An Overview of Chronic Kidney Disease

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Chronic kidney disease (CKD) is the gradual loss of kidney function, which can be caused by everything from diabetes and high blood pressure to recurrent infection and urinary tract obstruction. CKD impairs the kidneys' ability to filter waste and regulate water and acid in the blood. While there may be no signs of the disease in the early stages, symptoms will develop with time. CKD can be diagnosed with blood and urine tests, and treatment is focused on treating the underlying cause of the kidney impairment as well as any complications.

Unlike acute kidney failure, which develops rapidly and is potentially reversible, CKD is a long-standing condition in which damage to the kidneys is permanent and progressive. Chronic kidney disease can progress to end-stage renal failure (ESRF), which is fatal without dialysis or a kidney transplant.

Symptoms

The symptoms of CKD progressively develop as fluids, waste, and other substances (such as uric acid, calcium, and albumin) are not excreted from the body as they should be. This imbalance may not be felt in the early stages of the disease, but, as levels rise over the course of months and years, the excessive accumulation of water and waste starts to affect multiple organ systems, including the heart, lungs, brain, and even the kidneys themselves.

Common signs and symptoms of CKD include difficulty urinating (dysuria), dizziness, foamy urine, frequent urination at night (nocturia), metallic taste (dysgeusia), swelling of the feet, ankles, feet, hands, or face (edema), and others.

As the kidney function falls below 25 percent of its normal capacity, symptoms of CKD will become far more apparent, manifesting with such complications as coronary artery disease, memory problems, pulmonary edema (a build-up of fluid in the lungs), and renal hypertension (high blood pressure caused by kidney disease), among others.

Kidney failure, known as end-stage renal disease (ESRD), occurs when kidney function falls below 10 to 15 percent. Unless dialysis or a kidney transplant is performed, ESRD can lead to seizures, coma, and sudden death. Cardiac arrest is the most common cause of death in people with CKD.

Causes

Chronic kidney disease occurs when a disease or condition impairs kidney function, causing progressive and irreversible damage to the architecture of the kidneys.

No less than 75 percent of all CKD cases are caused by three conditions:

Other less common causes of CKD include, but are not limited to, autoimmune diseases, like IgA nephropathy and lupus; genetic disorders, like polycystic kidney disease; prolonged urinary tract obstruction (including kidney stones), and recurrent kidney infections.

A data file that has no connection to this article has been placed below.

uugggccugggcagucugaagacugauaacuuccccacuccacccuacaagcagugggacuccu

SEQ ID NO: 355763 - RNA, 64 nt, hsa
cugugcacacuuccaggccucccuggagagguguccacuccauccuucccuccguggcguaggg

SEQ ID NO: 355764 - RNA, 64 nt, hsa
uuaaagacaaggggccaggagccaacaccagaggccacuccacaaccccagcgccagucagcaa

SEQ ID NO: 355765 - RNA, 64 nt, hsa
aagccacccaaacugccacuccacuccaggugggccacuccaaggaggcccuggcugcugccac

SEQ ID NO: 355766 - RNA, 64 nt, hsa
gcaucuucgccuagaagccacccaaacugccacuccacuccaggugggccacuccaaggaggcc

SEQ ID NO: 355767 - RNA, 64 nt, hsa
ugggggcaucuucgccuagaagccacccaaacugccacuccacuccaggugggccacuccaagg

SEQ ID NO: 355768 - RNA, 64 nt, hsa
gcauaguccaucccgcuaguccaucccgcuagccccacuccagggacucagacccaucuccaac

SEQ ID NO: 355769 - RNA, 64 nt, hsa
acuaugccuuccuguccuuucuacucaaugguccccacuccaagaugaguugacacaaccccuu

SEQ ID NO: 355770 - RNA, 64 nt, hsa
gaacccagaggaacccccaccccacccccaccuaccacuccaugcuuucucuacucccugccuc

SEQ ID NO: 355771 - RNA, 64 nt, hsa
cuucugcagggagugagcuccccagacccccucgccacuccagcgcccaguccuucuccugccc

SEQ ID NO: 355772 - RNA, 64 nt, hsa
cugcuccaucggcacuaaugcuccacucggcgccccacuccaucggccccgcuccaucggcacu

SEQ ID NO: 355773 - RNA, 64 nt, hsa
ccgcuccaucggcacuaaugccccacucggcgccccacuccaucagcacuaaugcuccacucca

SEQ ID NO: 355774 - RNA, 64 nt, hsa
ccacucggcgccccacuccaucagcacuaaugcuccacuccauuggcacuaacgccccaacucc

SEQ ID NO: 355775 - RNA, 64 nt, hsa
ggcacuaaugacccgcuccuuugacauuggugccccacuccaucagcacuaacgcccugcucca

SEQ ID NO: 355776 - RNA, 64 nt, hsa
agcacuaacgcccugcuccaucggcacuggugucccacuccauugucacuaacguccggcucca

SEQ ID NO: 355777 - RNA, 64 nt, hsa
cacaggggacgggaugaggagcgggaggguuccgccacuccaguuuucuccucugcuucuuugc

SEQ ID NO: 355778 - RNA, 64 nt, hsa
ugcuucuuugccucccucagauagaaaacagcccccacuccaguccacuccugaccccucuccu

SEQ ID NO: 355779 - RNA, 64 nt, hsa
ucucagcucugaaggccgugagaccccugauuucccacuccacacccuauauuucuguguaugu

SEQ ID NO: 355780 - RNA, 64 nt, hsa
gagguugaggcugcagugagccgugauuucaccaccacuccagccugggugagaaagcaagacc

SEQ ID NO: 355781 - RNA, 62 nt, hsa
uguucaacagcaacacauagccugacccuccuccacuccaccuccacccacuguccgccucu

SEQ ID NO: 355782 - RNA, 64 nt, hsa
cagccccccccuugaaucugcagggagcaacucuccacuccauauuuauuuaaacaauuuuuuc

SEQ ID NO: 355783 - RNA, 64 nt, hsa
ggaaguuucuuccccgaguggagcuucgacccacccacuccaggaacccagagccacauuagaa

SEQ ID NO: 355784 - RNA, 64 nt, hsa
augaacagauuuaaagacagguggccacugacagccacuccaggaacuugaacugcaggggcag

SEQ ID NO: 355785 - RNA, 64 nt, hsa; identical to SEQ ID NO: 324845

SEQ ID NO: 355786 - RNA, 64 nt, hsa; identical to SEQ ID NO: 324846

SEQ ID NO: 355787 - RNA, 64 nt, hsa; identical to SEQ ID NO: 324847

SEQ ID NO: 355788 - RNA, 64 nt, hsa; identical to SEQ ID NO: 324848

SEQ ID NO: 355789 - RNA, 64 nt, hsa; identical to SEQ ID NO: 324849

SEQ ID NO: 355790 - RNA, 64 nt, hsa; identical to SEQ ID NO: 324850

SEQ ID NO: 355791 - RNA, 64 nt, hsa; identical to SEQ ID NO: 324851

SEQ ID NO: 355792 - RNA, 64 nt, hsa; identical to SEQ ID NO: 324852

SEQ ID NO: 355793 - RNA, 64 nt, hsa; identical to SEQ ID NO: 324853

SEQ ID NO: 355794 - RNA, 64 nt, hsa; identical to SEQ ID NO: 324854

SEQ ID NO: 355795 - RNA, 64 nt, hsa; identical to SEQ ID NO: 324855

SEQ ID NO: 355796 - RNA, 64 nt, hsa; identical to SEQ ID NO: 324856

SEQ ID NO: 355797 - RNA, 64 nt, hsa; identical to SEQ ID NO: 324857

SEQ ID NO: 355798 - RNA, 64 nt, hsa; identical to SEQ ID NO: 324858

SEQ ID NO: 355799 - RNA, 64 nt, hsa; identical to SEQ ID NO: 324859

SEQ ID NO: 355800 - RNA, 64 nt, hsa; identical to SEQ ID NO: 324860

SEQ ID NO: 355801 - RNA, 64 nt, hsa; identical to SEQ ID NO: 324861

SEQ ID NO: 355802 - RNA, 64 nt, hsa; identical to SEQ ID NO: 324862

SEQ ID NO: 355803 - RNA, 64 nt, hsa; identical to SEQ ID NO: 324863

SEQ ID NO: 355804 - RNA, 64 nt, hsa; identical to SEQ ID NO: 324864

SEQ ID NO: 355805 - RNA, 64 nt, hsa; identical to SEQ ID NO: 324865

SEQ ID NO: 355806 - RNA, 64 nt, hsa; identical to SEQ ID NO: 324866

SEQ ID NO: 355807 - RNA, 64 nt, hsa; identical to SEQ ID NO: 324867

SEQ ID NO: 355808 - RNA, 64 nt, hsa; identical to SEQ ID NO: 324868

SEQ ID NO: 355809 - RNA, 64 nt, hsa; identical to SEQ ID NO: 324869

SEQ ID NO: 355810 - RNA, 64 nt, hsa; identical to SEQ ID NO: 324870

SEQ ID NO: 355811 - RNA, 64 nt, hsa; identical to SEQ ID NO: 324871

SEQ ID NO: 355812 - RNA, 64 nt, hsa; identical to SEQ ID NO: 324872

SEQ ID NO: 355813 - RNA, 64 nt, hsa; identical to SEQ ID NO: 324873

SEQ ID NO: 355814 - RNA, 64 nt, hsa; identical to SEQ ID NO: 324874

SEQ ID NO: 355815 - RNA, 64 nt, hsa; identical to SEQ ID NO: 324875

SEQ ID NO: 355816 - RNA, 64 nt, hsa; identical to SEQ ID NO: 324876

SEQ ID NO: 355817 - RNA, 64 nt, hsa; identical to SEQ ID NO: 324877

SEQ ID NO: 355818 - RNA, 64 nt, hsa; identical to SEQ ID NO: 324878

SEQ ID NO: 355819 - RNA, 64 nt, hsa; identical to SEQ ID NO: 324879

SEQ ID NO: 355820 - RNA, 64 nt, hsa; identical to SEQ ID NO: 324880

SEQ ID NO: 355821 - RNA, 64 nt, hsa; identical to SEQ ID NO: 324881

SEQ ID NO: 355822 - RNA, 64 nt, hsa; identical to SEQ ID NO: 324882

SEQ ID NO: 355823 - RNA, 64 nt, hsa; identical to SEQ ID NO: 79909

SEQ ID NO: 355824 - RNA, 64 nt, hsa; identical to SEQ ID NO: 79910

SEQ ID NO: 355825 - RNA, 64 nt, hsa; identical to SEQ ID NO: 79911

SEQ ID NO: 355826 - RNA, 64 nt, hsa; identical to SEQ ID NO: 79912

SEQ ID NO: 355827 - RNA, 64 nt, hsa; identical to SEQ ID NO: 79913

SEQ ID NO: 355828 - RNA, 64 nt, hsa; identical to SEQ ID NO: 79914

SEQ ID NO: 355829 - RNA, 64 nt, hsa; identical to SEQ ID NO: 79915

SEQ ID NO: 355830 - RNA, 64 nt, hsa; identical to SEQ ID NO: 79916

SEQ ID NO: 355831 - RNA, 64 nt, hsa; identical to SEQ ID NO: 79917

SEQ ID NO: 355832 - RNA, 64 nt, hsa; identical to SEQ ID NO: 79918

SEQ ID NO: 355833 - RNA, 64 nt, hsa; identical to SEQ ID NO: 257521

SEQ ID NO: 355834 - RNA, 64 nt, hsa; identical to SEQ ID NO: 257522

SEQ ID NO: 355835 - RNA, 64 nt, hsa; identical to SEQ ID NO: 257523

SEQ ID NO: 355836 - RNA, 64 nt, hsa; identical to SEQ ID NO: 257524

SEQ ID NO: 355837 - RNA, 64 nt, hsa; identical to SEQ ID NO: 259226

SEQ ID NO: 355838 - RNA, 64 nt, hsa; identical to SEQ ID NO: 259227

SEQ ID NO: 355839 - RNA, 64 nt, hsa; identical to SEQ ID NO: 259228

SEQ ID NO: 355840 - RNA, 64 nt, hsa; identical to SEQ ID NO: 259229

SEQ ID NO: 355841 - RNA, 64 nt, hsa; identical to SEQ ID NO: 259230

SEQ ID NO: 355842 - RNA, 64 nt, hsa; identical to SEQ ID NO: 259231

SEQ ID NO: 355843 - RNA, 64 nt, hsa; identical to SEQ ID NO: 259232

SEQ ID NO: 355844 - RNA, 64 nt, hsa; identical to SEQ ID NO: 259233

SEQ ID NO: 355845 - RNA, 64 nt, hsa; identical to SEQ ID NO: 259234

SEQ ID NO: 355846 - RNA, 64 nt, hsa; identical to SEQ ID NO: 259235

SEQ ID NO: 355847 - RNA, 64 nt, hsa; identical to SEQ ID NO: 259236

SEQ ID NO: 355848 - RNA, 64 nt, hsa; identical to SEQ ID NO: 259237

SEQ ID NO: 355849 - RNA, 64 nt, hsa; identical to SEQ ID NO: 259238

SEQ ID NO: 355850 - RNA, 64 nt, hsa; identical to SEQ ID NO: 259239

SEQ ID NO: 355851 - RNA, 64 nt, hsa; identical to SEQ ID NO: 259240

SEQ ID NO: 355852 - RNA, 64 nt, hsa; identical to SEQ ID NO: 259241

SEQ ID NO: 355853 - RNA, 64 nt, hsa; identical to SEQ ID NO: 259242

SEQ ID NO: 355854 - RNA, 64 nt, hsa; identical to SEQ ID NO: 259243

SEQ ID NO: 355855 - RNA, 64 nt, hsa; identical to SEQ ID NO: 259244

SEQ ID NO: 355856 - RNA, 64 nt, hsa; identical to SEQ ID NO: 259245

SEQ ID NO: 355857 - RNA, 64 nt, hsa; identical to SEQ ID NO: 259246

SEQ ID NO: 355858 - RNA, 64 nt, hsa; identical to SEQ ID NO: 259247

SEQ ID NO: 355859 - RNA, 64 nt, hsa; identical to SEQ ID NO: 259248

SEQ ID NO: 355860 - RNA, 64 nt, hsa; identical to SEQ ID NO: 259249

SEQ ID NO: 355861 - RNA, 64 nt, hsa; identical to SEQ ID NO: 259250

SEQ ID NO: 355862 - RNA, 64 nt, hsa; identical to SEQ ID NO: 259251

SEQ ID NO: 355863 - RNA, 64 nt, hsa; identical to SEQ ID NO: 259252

CKD is more common in African-Americans, older people, smokers, people who are obese, and people with a family history of kidney disease.

Diagnosis

Chronic kidney disease is primarily diagnosed with a battery of blood and urine tests that measure how well your kidneys are functioning. Called renal function tests, they are not only used to diagnose CKD but to track both the progression of the disease and your response to treatment.

Among some of the tests used to evaluate kidney (renal) function:

  • Serum creatinine (SCr), a blood test that measures a substance called creatinine
  • Glomerular filtration rate (GFR), which uses the SCr value to estimate how much blood passes through the glomeruli in a minute
  • Urinary albumin measures how much of a protein, called albumin, is being abnormally excreted in urine (a sign of kidney disease)
  • Blood urea nitrogen (BUN), which measures a waste by-product produced by the accumulation of uric acid in the blood

Imaging tests, such as ultrasound, X-ray, and computed tomography (CT), are primarily used to detect damage or monitoring changes in the kidneys.

A biopsy may also be performed to obtain kidney tissue sample for evaluation in the lab. This is most often indicated when there is blood in the urine, the cause is unknown, or ESRD is diagnosed.

Kidney disease is staged based on GFR results. Stages range from 1 to 5 and are used to objectively describe how severe your condition is and direct the course of treatment, with 1 indicating minimal loss of renal function and 5 indicating renal failure/ESRD.

Treatment

The goal of CKD treatment is threefold: to treat the underlying cause; to slow the progression of kidney damage; and to minimize any harm the disease can cause the other organs, most predominately the heart and blood vessels.